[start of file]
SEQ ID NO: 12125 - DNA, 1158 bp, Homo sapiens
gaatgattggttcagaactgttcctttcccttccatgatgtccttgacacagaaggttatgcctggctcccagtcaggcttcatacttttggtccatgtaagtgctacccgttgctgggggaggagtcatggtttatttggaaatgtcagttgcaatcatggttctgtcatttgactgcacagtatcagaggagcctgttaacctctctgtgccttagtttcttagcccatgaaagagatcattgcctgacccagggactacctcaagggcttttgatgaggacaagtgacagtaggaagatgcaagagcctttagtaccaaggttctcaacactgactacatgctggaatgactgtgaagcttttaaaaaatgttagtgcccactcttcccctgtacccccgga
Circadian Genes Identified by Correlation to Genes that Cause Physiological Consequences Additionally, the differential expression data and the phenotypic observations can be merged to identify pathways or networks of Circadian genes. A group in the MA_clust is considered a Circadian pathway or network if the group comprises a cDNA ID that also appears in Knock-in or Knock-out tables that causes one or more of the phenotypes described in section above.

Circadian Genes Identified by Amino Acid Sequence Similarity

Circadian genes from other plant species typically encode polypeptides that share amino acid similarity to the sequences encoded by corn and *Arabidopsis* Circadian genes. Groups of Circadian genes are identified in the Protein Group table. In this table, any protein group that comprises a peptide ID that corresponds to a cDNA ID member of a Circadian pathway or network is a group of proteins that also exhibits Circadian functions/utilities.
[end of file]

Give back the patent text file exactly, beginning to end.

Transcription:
SEQ ID NO: 12125 - DNA, 1158 bp, Homo sapiens
gaatgattggttcagaactgttcctttcccttccatgatgtccttgacacagaaggttatgcctggctcccagtcaggcttcatacttttggtccatgtaagtgctacccgttgctgggggaggagtcatggtttatttggaaatgtcagttgcaatcatggttctgtcatttgactgcacagtatcagaggagcctgttaacctctctgtgccttagtttcttagcccatgaaagagatcattgcctgacccagggactacctcaagggcttttgatgaggacaagtgacagtaggaagatgcaagagcctttagtaccaaggttctcaacactgactacatgctggaatgactgtgaagcttttaaaaaatgttagtgcccactcttcccctgtacccccgga
Circadian Genes Identified by Correlation to Genes that Cause Physiological Consequences Additionally, the differential expression data and the phenotypic observations can be merged to identify pathways or networks of Circadian genes. A group in the MA_clust is considered a Circadian pathway or network if the group comprises a cDNA ID that also appears in Knock-in or Knock-out tables that causes one or more of the phenotypes described in section above.

Circadian Genes Identified by Amino Acid Sequence Similarity

Circadian genes from other plant species typically encode polypeptides that share amino acid similarity to the sequences encoded by corn and *Arabidopsis* Circadian genes. Groups of Circadian genes are identified in the Protein Group table. In this table, any protein group that comprises a peptide ID that corresponds to a cDNA ID member of a Circadian pathway or network is a group of proteins that also exhibits Circadian functions/utilities.